393.11/430: Telegram

The Chargé in China ( Mayer ) to the Secretary of State

73. My 61, January 22, 6 p.m.

Following two messages from American consul at Chungking, first of which has been much delayed due to the garbled transmission:

“January 18, noon. Referring to the Legation’s telegram of January 13, 3 p.m.

There are approximately 700 Americans and British in the Szechuan area that would be affected by the use of foreign naval force on middle or lower Yangtze.
If developments should occur necessitating prompt withdrawal of even a majority of these people a hopeless congestion from Chungking would result because of inadequate transportation facilities through danger zone. February is normally low-water month and it is expected that drop in river may therefore further curtail existing transport facilities.
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Under these circumstances I have already urged immediate withdrawal of all Americans west of Chungking to and including Chengtu and Yachow, withdrawal of women and children from Chungking and from Szechuan east of Chungking. Americans have begun to move through Chungking en route to Shanghai.

My desire is to reduce number of foreigners in Szechuan to a number that the available transportation facilities can care for with reasonable despatch in the event of necessity.”

“January 21, noon. Referring to the Legation’s telegram January 18, 11 a.m. Szechuan is quiet except for minor antiforeign disturbances unconnected with lower Yangtze. Fifty Americans and twenty-seven British subjects have withdrawn from Szechuan to date. Approximately fifty more Americans are expected to arrive in Chungking from the interior within twelve days. A considerable number of Americans have elected to remain at Chengtu ‘unless ordered out by the Government’. One hundred British subjects including consul and vice consul are leaving Chengtu in parties of about thirty for Chungking. A few British subjects are electing to remain. Information concerning evacuation in the interior is very slow in reaching Chungking. So far as I have been able to ascertain, no other foreigners than Americans and British are contemplating evacuation.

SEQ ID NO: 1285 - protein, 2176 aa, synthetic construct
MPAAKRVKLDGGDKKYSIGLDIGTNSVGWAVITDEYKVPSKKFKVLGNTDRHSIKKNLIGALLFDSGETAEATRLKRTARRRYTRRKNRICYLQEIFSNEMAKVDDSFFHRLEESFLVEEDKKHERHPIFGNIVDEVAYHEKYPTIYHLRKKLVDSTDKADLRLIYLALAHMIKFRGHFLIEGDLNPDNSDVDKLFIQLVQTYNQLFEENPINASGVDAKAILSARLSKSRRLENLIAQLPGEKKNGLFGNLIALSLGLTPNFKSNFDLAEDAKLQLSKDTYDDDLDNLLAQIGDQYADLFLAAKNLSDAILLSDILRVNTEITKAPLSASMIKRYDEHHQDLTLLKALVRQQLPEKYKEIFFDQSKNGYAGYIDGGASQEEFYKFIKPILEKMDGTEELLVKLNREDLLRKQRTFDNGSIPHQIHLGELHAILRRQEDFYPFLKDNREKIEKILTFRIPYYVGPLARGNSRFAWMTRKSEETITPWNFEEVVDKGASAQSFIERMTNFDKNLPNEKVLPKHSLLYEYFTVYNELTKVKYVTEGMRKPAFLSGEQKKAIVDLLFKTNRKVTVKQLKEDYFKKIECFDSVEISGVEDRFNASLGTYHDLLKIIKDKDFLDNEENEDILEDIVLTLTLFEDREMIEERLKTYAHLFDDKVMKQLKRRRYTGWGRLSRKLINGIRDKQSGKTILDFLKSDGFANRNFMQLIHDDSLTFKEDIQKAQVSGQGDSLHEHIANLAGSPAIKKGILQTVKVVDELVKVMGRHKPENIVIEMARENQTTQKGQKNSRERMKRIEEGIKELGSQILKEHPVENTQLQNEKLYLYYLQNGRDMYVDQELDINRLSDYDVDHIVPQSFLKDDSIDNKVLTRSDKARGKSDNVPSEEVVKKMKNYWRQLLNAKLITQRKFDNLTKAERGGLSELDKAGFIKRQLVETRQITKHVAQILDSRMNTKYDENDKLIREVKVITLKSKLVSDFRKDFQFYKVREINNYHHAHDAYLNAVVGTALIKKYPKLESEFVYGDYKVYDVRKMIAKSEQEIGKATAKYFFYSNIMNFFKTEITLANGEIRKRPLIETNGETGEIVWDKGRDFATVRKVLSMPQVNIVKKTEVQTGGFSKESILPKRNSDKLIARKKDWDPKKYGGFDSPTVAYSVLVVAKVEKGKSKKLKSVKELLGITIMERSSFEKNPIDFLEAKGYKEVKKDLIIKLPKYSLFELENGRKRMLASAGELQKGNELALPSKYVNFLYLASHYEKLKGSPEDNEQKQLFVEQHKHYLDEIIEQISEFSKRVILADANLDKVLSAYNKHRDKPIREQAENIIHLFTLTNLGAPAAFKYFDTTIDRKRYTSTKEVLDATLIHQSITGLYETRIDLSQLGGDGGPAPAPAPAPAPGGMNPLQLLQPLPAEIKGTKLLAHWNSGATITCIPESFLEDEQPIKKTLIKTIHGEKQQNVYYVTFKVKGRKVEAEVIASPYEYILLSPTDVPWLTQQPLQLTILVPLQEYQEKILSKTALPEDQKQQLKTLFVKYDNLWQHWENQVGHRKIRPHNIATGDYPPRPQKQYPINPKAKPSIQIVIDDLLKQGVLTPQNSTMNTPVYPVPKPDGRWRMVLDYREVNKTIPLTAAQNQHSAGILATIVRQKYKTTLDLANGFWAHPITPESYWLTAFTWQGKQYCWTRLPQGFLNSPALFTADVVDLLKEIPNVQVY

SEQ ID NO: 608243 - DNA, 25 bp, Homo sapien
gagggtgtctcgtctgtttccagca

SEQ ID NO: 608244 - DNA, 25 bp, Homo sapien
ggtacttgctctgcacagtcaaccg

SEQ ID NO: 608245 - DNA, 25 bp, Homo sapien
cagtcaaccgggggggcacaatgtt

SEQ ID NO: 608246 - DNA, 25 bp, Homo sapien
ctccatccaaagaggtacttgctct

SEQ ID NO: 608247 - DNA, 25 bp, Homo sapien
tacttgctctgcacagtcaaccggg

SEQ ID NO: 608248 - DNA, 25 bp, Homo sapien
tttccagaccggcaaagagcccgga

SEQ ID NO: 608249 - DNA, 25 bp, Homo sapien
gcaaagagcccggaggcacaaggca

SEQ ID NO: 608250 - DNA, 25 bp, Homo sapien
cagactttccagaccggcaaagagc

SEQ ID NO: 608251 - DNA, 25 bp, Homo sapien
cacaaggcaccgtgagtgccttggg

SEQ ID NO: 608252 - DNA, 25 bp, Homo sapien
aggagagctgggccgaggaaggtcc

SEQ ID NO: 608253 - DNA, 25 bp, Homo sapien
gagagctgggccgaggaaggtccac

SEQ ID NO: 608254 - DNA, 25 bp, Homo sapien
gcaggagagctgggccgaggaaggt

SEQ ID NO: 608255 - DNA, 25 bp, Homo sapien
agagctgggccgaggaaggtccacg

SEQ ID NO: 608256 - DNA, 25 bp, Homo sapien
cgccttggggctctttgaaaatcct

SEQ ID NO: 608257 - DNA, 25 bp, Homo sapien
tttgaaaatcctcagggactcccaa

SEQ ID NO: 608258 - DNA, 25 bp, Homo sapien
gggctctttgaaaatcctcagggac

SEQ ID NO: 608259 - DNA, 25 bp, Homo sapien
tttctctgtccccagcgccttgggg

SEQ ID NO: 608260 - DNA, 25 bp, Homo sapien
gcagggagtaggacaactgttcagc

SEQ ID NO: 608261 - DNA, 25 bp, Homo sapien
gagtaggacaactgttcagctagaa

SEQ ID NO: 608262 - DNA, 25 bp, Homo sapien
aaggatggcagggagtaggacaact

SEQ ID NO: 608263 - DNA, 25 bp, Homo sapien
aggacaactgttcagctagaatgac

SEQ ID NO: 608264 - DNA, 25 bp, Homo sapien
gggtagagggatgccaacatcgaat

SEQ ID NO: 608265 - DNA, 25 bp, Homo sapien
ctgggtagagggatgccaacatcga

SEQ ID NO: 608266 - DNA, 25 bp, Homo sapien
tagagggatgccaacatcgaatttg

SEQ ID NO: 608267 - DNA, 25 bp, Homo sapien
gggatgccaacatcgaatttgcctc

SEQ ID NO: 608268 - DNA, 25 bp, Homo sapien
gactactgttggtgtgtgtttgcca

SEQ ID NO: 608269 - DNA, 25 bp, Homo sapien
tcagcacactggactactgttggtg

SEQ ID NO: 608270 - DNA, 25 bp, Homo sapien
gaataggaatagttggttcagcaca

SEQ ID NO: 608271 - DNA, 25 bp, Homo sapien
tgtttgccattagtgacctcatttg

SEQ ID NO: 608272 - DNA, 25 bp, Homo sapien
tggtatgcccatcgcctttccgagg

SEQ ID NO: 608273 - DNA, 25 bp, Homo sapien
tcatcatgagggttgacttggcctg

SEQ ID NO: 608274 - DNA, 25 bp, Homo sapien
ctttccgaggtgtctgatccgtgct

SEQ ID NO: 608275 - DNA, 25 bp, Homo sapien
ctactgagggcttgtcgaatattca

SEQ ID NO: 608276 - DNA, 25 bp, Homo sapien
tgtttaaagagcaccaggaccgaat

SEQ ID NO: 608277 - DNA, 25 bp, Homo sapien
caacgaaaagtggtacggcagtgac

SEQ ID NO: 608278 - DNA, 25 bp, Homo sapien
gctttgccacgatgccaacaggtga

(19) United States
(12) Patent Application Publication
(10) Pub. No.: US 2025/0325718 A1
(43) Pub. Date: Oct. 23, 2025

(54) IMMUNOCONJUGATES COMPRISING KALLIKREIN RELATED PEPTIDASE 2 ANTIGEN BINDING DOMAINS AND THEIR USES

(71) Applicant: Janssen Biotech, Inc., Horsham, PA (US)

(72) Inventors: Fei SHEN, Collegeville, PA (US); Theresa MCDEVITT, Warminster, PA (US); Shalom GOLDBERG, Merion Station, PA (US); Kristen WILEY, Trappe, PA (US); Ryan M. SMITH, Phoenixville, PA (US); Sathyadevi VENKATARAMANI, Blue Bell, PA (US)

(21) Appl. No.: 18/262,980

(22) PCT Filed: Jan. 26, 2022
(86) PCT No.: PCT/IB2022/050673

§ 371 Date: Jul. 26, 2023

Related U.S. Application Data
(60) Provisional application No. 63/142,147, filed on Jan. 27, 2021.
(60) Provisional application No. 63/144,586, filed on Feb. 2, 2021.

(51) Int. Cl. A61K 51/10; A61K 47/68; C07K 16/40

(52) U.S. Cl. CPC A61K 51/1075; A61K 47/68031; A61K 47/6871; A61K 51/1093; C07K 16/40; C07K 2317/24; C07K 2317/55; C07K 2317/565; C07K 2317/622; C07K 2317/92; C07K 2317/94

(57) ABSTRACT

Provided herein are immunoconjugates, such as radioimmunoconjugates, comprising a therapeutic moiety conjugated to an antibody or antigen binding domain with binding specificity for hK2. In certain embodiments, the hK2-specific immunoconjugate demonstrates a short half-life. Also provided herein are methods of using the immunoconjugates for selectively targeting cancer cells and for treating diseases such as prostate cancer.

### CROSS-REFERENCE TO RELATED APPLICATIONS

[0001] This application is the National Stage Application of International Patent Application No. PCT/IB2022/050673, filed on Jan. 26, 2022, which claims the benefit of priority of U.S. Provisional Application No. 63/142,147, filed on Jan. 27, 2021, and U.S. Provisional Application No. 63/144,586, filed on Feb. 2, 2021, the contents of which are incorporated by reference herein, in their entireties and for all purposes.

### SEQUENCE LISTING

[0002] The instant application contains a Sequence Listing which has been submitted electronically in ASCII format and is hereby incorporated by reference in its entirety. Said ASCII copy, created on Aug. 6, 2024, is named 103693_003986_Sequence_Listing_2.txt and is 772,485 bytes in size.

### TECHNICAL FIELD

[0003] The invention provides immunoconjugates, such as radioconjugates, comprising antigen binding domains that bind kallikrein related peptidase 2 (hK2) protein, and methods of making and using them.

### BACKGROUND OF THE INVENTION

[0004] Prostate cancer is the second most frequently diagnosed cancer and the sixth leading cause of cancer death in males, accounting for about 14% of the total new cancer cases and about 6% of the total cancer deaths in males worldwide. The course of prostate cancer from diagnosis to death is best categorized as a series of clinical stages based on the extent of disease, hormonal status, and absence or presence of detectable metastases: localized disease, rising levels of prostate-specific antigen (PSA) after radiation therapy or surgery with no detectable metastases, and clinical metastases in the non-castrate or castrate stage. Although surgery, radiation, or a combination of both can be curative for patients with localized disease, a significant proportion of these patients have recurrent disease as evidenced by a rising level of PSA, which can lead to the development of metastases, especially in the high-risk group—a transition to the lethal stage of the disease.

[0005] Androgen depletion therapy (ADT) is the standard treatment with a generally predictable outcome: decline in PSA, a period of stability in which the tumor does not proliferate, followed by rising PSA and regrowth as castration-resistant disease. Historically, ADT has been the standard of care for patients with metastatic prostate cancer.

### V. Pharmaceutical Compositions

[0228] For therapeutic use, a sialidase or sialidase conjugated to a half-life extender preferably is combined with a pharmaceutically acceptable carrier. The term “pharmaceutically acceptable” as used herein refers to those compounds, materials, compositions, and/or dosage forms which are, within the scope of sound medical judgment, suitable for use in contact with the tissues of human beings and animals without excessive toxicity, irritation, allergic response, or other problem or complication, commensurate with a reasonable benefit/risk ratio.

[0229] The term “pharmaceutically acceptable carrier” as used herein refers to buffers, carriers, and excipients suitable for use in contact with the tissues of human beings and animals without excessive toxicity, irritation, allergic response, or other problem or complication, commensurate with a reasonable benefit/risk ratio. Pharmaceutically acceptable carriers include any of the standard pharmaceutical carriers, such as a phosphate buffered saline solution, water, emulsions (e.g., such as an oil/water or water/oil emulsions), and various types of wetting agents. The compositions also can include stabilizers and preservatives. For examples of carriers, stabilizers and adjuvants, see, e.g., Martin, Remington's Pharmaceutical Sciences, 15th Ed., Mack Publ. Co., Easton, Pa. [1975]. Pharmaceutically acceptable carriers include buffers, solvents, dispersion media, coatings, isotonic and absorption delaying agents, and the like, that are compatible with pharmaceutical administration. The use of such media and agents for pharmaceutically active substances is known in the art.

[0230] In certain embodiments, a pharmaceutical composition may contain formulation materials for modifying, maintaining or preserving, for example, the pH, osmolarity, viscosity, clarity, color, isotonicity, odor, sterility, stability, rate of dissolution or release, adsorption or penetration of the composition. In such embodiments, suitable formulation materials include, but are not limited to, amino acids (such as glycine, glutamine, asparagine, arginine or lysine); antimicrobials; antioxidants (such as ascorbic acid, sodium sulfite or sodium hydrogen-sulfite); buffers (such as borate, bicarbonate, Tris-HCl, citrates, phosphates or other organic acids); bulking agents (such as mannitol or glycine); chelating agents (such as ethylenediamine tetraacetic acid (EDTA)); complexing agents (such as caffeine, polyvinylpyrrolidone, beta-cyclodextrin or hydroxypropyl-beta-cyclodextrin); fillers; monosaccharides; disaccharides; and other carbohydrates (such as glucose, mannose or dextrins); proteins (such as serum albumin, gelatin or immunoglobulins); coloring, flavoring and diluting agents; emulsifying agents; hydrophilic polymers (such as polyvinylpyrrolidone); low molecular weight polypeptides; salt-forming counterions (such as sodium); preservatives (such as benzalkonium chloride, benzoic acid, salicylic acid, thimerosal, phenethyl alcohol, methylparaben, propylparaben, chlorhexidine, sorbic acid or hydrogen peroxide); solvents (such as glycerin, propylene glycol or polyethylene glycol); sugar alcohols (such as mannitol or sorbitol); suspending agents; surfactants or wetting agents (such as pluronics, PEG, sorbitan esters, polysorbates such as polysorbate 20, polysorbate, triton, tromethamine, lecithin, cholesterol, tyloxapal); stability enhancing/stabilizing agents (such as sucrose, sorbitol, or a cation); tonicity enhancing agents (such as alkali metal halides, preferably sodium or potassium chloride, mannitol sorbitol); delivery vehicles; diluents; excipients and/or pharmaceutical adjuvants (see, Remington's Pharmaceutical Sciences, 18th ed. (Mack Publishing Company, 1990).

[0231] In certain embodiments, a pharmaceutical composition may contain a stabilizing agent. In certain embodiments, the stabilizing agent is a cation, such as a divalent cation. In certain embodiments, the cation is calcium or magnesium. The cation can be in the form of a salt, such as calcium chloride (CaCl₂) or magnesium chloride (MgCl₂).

After consultation with American mission and businessmen I indorse the Nanking recommendation insofar as it applies to Szechuan.

In addition to insuring safety of Americans, a general evacuation would constitute a plain warning to the Nationalists without committing the American Government and might have a moderating influence.

If the Nanking recommendation is against the Department’s instructions I suggest that the Legation’s instruction to me be prompt and as emphatic as possible.”

“Nanking recommendation” referred to in last paragraph is Davis’ January 16, 3 p.m., repeated to Department in Legation’s 42, January 17, 7 p.m.
I have telegraphed American consul at Chungking in the manner indicated in my 61, January 22, 6 p.m., to Department and in view of the latest information from Shanghai (see my 65, January 24, 3 p.m., to Department2), it seemed advisable also to instruct consul at Changsha to expedite evacuation of Americans from his district while maintaining a policy of doing so quietly and without reference to evacuation from territory under Nationalist control.
I am gratified to note that a report from the commander of the North China Patrol, dated January 20, states that missionaries passing through Chungking are telegraphing those remaining in interior to leave immediately.
  1. Not printed.